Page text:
Tig Notaro and Breast Cancer

A message from Louis CK: Tig is a friend of mine and she is very funny.  I love her voice on stage.   One night I was performing at a club in LA called Largo.  Tig was there.   She was about to go on stage.   I hadn’t seen Tig in about a year and I said how are you?   She replied “well I found out today that I have cancer in both breasts and that it has likely spread to my lymph nodes.  My doctor says it looks real bad. “. She wasn’t kidding.  I said “uh.  Jesus.  Tig.  Well. Do you… Have your family… Helping?”. She said “well my mom was with me but a few weeks ago she fell down, hit her head and she died”.  She still wasn’t kidding.

Now, I’m pretty stupid to begin with, and I sure didn’t know what to say now.  I opened my mouth and this came out.  “Jeez, Tig.   I.   Really value you.  Highly.”.  She said “I value you highly too, Louie.”.  Then she held up a wad of note-paper in her hand and said “I’m gonna talk about all of it on stage now.  It’s probably going [...] continue the story

Diagnosis and all that Jazz . . . A Female Perspective on Autism

I am a 20 year-old aspergian who was just diagnosed early last summer. I didn’t know anything about autism until a few months before my diagnosis. I’d heard of it, of course, but did I know what it was? Not really. I’ll admit that I was always under the impression that autism was a debilitating disease, made famous by its drooling, blank eyed poster children who don’t speak and do nothing but cause heart ache for everyone around them.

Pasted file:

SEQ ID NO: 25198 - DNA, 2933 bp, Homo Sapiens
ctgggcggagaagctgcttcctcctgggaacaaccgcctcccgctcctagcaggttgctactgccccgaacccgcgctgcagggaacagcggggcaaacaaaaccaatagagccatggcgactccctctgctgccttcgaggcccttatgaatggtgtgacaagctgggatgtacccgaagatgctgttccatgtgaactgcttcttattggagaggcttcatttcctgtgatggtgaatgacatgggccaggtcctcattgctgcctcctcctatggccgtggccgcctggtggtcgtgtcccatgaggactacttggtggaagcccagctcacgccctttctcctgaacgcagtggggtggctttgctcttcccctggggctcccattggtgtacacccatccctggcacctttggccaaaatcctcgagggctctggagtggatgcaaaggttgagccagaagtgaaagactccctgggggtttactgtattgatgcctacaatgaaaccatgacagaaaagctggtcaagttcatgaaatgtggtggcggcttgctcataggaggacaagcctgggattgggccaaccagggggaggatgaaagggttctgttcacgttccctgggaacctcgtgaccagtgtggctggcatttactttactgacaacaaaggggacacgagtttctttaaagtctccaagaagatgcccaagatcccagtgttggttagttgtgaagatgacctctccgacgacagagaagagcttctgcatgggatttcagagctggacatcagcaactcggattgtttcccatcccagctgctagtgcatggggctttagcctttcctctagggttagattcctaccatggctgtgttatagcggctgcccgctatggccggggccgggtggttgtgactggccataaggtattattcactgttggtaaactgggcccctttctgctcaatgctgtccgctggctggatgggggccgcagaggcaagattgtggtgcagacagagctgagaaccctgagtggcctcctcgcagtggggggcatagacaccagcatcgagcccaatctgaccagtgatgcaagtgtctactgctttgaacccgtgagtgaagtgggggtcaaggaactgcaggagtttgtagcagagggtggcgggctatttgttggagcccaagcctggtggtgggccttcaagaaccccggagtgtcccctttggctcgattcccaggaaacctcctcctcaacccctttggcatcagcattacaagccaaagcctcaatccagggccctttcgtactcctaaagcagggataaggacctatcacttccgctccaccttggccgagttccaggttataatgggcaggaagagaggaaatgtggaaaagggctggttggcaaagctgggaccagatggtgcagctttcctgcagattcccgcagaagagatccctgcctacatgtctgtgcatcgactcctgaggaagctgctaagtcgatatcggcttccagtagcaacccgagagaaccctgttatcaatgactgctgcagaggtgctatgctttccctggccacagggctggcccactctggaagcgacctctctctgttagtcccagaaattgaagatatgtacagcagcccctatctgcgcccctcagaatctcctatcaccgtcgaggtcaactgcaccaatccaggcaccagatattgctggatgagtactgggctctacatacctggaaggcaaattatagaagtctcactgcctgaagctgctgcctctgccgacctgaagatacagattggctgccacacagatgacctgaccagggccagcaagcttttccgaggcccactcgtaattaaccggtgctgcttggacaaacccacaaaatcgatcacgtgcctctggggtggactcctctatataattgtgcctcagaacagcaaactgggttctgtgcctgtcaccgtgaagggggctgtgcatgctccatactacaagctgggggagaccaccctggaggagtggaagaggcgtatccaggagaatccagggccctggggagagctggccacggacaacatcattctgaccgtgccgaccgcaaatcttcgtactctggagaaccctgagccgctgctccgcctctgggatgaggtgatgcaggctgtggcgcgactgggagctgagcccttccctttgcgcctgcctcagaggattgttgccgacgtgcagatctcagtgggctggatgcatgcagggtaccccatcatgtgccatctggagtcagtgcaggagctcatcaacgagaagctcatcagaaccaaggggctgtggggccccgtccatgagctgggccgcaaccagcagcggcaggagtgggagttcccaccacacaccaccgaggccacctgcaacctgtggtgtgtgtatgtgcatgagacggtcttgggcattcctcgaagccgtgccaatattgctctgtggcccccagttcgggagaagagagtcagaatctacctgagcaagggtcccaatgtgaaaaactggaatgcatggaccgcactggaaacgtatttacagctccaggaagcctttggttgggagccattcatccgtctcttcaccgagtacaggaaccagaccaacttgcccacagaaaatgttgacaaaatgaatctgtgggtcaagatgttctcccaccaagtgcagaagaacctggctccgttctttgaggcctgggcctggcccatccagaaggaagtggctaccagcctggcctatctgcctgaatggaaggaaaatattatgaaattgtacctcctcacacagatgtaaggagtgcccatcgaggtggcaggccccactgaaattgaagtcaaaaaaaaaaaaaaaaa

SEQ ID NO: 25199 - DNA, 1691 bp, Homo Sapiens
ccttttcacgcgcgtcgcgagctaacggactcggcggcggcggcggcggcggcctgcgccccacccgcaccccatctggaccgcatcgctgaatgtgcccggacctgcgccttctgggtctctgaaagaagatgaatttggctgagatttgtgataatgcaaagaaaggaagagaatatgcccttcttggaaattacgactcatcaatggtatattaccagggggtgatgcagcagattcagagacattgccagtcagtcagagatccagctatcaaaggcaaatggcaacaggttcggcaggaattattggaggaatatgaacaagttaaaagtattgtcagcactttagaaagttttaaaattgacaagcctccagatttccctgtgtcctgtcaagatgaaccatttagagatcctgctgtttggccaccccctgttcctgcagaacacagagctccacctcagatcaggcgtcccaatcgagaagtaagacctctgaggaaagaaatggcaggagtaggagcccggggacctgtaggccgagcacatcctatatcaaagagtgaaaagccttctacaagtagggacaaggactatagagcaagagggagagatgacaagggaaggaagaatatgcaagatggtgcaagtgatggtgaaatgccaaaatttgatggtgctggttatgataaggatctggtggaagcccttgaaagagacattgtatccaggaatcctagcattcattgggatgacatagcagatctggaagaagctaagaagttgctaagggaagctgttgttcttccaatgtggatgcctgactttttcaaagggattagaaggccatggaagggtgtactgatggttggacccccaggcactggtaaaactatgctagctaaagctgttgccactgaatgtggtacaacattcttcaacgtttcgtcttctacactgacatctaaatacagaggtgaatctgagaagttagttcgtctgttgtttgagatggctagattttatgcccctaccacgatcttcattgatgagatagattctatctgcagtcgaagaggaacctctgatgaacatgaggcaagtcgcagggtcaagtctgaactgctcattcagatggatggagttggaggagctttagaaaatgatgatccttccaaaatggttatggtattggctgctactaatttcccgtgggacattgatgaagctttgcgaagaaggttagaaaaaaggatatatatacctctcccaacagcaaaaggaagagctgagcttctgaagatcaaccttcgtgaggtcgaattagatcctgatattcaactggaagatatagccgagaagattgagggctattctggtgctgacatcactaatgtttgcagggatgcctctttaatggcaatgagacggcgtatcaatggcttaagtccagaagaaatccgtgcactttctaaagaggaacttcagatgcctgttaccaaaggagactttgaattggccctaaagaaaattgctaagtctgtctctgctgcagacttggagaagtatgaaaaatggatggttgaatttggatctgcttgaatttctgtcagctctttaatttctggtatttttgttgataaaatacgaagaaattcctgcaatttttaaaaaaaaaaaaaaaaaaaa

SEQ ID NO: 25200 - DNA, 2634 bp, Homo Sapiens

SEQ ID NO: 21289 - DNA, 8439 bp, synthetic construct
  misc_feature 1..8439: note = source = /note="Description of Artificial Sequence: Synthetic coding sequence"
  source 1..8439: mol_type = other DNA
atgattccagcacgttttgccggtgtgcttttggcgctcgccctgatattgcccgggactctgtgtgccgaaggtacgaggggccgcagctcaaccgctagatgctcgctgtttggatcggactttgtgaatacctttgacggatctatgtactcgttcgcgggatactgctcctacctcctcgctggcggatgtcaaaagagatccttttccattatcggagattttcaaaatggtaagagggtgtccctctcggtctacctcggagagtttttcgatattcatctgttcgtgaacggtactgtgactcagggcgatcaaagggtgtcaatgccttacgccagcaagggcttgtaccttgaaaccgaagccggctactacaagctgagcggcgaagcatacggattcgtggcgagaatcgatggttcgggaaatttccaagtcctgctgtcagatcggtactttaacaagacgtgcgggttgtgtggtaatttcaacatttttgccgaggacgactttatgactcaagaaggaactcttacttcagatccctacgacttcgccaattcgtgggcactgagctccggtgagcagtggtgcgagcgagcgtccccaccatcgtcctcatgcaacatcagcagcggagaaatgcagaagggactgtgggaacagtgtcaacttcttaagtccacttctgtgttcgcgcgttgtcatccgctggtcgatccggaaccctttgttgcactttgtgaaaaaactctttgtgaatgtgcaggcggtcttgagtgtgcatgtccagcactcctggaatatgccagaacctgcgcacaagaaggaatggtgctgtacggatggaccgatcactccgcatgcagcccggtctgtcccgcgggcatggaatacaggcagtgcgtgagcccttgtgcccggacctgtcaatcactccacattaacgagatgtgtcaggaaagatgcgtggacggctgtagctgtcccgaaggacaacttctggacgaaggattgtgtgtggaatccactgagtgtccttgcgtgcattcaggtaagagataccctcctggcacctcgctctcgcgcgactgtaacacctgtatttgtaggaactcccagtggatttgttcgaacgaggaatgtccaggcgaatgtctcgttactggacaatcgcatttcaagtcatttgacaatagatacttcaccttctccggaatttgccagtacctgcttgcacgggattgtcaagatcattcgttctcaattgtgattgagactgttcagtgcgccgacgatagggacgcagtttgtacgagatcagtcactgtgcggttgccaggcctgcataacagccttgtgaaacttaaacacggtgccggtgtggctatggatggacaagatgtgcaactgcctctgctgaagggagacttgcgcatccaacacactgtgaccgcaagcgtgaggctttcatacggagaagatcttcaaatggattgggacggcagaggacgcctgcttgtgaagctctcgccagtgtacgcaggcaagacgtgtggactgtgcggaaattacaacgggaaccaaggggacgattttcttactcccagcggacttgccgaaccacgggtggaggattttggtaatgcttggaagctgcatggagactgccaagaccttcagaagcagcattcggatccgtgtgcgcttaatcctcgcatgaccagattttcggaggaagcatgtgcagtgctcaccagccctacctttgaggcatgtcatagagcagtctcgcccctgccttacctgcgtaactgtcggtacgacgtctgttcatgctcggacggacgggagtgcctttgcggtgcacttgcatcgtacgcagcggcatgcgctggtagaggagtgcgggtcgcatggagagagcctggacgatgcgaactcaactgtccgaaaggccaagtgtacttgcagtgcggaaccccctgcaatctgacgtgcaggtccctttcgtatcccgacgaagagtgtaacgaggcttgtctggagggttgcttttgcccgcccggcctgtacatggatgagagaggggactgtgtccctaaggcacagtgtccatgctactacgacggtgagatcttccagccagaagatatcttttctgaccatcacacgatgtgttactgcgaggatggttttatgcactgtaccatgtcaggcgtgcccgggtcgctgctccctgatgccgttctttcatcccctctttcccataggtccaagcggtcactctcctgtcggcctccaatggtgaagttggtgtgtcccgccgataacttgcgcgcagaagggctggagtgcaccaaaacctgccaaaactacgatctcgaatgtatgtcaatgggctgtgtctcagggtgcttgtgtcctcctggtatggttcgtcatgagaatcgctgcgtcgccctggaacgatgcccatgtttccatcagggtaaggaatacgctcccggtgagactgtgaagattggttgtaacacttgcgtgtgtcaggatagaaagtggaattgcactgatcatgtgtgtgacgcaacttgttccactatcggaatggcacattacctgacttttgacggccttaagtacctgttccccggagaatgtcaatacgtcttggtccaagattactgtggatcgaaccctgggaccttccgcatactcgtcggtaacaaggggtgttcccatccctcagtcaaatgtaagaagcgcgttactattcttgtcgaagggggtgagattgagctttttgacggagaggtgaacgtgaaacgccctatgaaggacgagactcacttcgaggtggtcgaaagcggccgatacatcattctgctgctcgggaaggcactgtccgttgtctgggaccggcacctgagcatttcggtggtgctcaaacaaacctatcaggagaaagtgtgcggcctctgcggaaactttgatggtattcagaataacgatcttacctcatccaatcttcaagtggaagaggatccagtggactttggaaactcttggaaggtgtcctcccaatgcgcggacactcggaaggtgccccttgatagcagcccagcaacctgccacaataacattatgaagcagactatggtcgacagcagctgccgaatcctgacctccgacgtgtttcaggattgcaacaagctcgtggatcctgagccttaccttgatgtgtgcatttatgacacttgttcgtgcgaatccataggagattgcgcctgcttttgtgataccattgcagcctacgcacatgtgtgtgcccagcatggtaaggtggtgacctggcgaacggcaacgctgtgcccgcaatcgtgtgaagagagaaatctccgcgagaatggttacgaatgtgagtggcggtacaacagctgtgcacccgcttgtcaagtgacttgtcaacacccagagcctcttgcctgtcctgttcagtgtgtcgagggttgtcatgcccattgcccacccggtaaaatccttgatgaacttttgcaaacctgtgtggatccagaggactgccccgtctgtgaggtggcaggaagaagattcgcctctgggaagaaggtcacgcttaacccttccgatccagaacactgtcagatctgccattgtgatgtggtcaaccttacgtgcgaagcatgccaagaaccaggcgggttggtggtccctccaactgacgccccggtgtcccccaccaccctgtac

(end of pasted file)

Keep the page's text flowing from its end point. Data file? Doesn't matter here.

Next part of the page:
Since my diagnosis a little over a year ago, I’ve immersed myself in the world of autism. Before joining the ranks I had no idea it was such a large community, filled with its fair share of politics and drama.

Over the past year I’ve been to several conferences and autism events, and I’ve met countless individuals on the spectrum. Meeting other autistic people was a huge breakthrough moment for me. It finally clicked that yes, I belong here; I am one of you. I in no way believe diagnosis to be necessary for everyone, but it definitely helped me. Before my diagnosis I was constantly worried that I wasn’t really on the spectrum, something was just “wrong” with me. What if I [...] continue the story

What’s the Deal With Women, Fatherhood, and Executive Functioning?

Alex, Kirsten, and Jack are back together in Orlando, Florida for the Autism Society Conference. We had a blast at the conference and filmed a TON of AMAZING videos!

Kirsten talks with Dena Gassner about the special challenges that come with being a woman on the spectrum.

Alex and Dr. Robert Naseef gave a talk about fatherhood at the ASA conference. They talk about the uniqueness of the relationship between a father and an individual on the autism spectrum.

Jack and Alex talk with Claire Dumke about executive functioning. This involves learning to drive, keeping track of things, and other great info.

This is the first of 4 episodes that take place at the conference. This is also the first of our new multipart episodes.

(Autism Talk TV – Ep. 16)

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